The origin and evolution of Australia's eastern highlands
Nott, Jonathan (2005) The origin and evolution of Australia's eastern highlands. In: Bermingham, Eldredge, Dick, Christopher W., and Moritz, Craig, (eds.) Tropical Rainforests: Past, Present and Future. University of Chicago Press, Chicago, USA, pp. 322-335.
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The eastern Australian highlands (Great Dividing Range), incorporating the "continental divide," date back to at least the late Mesozoic. The vast majority of field evidence suggests that, apart from denudation, they have changed little in general morphological character since that time. Drainage disruption appears not to have been widespread and should not be automatically assumed to be the cause of variations in aquatic species between streams draining either side of the continental divide. Indeed, evidence in northeastern Queensland suggests that the continental divide has remained stationary since 180 MYA. Apart from the possible negating effects of global climate changes, the geomorphological setting provided by the eastern Australian highlands has been conducive for the growth of forests since at least the close of the Mesozoic. This is particularly so for rainforests, especially where the alignment of this mountain range enhances orographic uplift of moist, humid air masses.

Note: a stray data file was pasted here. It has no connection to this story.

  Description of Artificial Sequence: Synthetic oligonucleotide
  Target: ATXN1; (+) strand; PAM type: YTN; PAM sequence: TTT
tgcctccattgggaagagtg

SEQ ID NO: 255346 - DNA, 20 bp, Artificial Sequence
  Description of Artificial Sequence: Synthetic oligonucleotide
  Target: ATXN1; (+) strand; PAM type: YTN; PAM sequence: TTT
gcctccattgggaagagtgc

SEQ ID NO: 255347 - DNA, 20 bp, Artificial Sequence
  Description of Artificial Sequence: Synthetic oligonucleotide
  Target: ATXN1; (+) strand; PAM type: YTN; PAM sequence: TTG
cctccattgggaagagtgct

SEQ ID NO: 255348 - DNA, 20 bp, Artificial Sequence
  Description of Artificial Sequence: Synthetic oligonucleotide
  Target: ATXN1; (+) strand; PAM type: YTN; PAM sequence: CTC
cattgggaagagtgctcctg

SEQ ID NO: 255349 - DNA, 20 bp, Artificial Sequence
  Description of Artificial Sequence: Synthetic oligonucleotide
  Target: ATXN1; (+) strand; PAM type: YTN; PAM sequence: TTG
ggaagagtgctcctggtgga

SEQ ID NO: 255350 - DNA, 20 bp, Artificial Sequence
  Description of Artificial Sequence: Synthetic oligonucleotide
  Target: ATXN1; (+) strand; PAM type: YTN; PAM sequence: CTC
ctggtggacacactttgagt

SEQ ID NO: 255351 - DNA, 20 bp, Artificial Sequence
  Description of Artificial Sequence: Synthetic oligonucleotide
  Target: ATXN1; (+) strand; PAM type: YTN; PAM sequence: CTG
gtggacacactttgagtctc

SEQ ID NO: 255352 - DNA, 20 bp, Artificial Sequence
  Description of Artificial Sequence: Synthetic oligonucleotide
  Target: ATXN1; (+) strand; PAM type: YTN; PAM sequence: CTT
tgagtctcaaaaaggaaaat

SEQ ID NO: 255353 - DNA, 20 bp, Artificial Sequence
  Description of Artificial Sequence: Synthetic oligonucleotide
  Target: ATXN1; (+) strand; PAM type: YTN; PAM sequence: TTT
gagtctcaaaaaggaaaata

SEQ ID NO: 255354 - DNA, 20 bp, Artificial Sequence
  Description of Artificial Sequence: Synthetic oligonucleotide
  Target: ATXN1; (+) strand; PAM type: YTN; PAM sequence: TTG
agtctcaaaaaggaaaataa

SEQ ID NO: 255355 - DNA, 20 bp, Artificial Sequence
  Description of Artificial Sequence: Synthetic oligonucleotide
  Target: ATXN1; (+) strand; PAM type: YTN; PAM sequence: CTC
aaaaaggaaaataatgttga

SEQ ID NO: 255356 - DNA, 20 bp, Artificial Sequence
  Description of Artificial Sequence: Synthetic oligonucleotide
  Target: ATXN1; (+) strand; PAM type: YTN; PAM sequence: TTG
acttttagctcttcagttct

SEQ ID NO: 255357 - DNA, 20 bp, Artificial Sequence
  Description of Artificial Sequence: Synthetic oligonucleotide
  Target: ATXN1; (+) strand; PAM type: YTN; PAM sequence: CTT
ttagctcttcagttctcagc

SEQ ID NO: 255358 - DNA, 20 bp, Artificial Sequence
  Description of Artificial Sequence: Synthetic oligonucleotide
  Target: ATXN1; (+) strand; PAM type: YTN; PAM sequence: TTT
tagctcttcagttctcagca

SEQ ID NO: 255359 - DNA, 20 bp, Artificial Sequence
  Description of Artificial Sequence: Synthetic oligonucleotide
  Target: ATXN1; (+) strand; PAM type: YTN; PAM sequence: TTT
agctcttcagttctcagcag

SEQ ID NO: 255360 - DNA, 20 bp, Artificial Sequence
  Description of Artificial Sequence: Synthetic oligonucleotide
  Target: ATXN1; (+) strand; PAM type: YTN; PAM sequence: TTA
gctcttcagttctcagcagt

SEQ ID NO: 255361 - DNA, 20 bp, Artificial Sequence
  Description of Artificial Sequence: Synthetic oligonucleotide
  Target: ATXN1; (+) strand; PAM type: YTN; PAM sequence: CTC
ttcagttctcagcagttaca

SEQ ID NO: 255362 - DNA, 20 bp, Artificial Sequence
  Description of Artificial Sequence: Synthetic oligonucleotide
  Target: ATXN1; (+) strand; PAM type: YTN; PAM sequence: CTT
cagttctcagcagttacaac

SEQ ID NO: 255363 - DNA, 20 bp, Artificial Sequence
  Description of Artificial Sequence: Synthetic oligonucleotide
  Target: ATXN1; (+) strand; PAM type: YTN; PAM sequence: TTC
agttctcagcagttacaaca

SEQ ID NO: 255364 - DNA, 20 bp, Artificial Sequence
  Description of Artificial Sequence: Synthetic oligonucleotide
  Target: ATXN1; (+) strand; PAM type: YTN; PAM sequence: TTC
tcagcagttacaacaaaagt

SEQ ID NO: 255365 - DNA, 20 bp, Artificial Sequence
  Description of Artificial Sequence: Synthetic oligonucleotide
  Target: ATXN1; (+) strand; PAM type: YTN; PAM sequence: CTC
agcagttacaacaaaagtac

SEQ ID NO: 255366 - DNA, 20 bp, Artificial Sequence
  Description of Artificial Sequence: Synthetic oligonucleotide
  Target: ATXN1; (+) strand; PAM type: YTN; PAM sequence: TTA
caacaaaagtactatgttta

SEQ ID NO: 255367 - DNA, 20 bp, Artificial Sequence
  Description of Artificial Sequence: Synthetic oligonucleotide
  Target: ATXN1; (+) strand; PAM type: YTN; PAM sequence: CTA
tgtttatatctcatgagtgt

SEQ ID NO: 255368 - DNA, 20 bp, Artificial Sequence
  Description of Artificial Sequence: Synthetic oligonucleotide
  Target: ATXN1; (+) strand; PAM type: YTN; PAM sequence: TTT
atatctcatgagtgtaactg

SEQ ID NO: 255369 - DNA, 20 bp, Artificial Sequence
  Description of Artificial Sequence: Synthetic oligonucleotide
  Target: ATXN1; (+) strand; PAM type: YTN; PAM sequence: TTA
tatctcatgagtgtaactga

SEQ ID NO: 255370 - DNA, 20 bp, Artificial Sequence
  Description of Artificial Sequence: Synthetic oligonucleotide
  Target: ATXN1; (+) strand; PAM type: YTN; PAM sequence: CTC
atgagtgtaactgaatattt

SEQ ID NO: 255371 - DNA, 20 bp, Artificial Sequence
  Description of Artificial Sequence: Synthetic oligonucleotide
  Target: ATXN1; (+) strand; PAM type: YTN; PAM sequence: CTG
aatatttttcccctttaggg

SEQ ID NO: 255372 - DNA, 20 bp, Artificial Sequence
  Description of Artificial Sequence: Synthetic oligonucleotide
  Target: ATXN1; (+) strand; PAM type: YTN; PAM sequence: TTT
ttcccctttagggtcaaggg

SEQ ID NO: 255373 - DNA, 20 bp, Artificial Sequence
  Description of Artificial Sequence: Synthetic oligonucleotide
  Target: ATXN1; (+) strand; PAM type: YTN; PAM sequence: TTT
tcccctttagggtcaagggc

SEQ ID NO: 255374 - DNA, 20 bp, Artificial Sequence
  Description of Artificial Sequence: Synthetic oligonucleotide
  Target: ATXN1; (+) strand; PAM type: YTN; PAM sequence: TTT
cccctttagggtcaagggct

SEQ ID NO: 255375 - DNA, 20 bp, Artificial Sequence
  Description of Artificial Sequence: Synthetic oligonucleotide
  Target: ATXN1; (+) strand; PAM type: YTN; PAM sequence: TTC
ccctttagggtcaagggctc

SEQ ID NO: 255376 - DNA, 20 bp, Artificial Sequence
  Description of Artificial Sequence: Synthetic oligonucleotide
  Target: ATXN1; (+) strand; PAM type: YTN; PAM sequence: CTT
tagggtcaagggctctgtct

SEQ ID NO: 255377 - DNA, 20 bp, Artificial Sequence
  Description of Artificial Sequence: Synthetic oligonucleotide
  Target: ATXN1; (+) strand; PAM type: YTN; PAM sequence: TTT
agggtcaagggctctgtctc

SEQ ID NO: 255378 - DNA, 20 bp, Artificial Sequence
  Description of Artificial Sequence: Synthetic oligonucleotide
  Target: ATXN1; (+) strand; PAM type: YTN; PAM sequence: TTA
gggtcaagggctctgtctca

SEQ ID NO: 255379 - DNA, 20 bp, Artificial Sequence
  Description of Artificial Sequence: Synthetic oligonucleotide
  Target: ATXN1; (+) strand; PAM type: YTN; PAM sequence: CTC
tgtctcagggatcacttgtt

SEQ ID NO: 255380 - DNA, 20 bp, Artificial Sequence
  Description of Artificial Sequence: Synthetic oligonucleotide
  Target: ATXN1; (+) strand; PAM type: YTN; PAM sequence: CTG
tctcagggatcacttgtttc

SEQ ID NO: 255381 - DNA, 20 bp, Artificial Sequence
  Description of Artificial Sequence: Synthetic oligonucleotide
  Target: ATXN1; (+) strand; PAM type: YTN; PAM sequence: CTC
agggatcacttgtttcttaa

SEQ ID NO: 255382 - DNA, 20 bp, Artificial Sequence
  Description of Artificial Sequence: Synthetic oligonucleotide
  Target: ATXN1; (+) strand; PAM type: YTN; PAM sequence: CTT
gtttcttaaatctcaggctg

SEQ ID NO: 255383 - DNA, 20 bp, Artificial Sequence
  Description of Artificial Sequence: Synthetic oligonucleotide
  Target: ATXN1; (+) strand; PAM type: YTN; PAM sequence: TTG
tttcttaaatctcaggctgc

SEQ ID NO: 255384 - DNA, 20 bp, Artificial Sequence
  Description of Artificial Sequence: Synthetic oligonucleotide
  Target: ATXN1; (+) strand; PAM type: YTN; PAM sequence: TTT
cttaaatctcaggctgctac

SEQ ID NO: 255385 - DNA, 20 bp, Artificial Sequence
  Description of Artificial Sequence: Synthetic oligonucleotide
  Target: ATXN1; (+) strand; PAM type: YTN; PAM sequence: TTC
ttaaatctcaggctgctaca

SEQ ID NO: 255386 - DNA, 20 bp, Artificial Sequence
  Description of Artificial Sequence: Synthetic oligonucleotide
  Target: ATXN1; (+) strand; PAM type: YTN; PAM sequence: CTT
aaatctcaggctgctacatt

|Item Type:||Book Chapter (Research - B1)|
|Date Deposited:||13 Jul 2009 04:34|
|SEO Codes:||96 ENVIRONMENT > 9603 Climate and Climate Change > 960399 Climate and Climate Change not elsewhere classified @ 60%
96 ENVIRONMENT > 9603 Climate and Climate Change > 960301 Climate Change Adaptation Measures @ 20%
92 HEALTH > 9204 Public Health (excl. Specific Population Health) > 920405 Environmental Health @ 20%